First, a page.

Although a trip to a museum might make you think otherwise, good fossils are rare objects. Countless millions of animals both big and small have died down the millennia, but only a very few of them have been turned into fossils suitable for display in a museum.
There’s a simple reason for this: animals don’t bury their dead. When a dinosaur or a sabre-toothed tiger died, its body would lie where it had fallen, exposed to scavengers and weather. The bones would usually end up scattered and broken, not safe and complete beneath the ground where the slow processes of geology could begin turning them into time-defying rock. It was rare for an animal to die somewhere its bones would remain unmolested.
It’s different for human beings. We don’t leave our dead to lie where they’ve fallen: we have funerals, rituals of farewell and remembrance. Down history, we’ve usually placed the dead bodies of our loved ones beneath the ground, covered with earth in a way that protects them from scavengers and the weather. But we haven’t been able to protect them from one thing: ourselves at a later.
As insatiably curious creatures, we want to know about the past. That’s why we dig up old burials, examine the bones, analyse the contents of a grave or tomb. In a way, it’s like a funeral in reverse: a ritual of un-burial conducted by archaeologists to discover more about the past. But mysteries almost always remain. This ritual of un-burial has happened again with some centuries-old bones in Panama, the Central American nation most famous to the rest of the world for its canal.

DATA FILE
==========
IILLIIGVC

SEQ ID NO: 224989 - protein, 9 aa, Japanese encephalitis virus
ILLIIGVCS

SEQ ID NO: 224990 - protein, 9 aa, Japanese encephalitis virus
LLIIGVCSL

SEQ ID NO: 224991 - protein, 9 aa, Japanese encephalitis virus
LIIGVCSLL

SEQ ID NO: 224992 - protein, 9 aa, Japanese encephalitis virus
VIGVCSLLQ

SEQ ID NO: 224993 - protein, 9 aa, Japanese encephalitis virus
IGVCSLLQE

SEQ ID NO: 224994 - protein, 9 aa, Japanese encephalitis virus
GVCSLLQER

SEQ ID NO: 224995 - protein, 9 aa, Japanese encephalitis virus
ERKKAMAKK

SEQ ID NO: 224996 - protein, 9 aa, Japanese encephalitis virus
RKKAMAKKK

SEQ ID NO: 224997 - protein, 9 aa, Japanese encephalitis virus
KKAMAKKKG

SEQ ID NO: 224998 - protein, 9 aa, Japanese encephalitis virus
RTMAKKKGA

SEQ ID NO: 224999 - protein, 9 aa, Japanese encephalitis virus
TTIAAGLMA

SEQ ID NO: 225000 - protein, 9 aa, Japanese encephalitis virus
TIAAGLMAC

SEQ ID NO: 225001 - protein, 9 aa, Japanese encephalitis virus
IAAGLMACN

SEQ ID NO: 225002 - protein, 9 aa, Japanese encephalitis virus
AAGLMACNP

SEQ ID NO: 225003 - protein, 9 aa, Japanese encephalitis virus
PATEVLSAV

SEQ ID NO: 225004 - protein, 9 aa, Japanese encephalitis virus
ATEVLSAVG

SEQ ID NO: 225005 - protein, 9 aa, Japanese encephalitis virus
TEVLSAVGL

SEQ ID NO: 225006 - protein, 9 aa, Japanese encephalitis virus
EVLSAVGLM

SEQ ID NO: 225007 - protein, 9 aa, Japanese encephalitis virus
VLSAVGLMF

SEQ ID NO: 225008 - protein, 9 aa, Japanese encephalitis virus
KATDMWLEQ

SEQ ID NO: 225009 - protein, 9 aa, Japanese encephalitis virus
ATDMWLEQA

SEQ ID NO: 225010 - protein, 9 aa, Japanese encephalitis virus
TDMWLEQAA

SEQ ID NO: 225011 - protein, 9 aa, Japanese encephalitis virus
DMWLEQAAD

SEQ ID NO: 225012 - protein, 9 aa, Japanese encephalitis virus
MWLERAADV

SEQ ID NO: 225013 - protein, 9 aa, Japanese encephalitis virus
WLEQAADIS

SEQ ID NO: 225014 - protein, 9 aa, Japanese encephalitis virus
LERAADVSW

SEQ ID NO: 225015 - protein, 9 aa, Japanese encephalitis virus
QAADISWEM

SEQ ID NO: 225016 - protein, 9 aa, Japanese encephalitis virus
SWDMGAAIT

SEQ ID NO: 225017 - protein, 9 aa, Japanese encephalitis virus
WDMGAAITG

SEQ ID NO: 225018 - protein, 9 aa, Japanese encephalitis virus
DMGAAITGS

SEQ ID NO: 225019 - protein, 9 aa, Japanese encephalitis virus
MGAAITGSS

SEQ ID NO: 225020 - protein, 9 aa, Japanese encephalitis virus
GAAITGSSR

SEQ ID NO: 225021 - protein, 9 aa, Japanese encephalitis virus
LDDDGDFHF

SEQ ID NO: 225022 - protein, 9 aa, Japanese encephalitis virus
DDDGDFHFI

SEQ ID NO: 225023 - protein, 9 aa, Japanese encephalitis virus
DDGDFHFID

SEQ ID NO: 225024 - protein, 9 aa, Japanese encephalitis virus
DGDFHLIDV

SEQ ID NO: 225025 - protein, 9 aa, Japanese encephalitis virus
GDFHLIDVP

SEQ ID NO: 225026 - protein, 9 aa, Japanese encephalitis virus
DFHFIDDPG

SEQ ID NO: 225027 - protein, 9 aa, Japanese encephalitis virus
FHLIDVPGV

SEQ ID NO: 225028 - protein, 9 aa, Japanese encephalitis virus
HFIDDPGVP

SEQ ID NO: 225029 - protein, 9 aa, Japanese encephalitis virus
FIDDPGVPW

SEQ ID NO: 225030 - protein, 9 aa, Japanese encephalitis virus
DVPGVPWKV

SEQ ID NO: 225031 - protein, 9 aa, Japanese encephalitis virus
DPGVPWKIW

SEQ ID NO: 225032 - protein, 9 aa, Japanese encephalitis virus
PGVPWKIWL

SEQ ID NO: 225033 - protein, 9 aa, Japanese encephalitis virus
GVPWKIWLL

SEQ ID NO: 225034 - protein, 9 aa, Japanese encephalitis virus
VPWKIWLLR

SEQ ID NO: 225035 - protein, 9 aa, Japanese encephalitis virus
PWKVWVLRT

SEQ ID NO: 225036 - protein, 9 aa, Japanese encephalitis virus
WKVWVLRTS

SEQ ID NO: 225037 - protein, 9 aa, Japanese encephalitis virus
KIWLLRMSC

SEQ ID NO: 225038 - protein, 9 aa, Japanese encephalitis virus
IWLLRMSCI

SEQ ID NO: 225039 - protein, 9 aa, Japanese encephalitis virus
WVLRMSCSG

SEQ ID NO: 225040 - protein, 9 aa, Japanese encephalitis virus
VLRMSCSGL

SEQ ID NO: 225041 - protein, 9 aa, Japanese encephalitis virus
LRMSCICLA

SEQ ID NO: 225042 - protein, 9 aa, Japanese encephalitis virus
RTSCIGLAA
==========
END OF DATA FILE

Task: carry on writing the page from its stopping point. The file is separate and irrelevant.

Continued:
But Panama has a fascinating history and the discovery of a grave from about 1300 A.D. has shed a little more light upon it. The bones of a teenaged boy or girl have been found in a grave on Cerro Brujo, or Witch Hill, in western Panama. The teenager may have belonged to the Ngäbe tribe, which still occupies the area and still uses shell-trumpets like the one buried with the bones. The trumpets are made from Triton shells and are blown by shamans during rituals of healing – their sound is believed to help drive malevolent spirits from the body.
Was the shell-trumpet in the grave used for the same reason? If so, the healing ritual didn’t help the teenager. They died very young, after all, and examination of their skeleton has revealed that they suffered from bone-cancer. But was the cancer fatal? Probably not in itself, but perhaps it weakened the victim and they were killed by a disease of some other kind. Two clay-pots were also buried with the skeleton, perhaps containing food and drink for the afterlife.
Further analysis of the bones and burial objects will reveal more, but many questions will probably never be answered. What was the teenager’s name? Were they sorry to die or did they think they would be passing to a happier world beyond the grave? The bones can’t tell us that and they were lucky to survive despite the careful burial. The Panamanian teenager must stand as a rare and anonymous representative of the countless thousands who have lived and died in the region since human beings first migrated there in the distant past.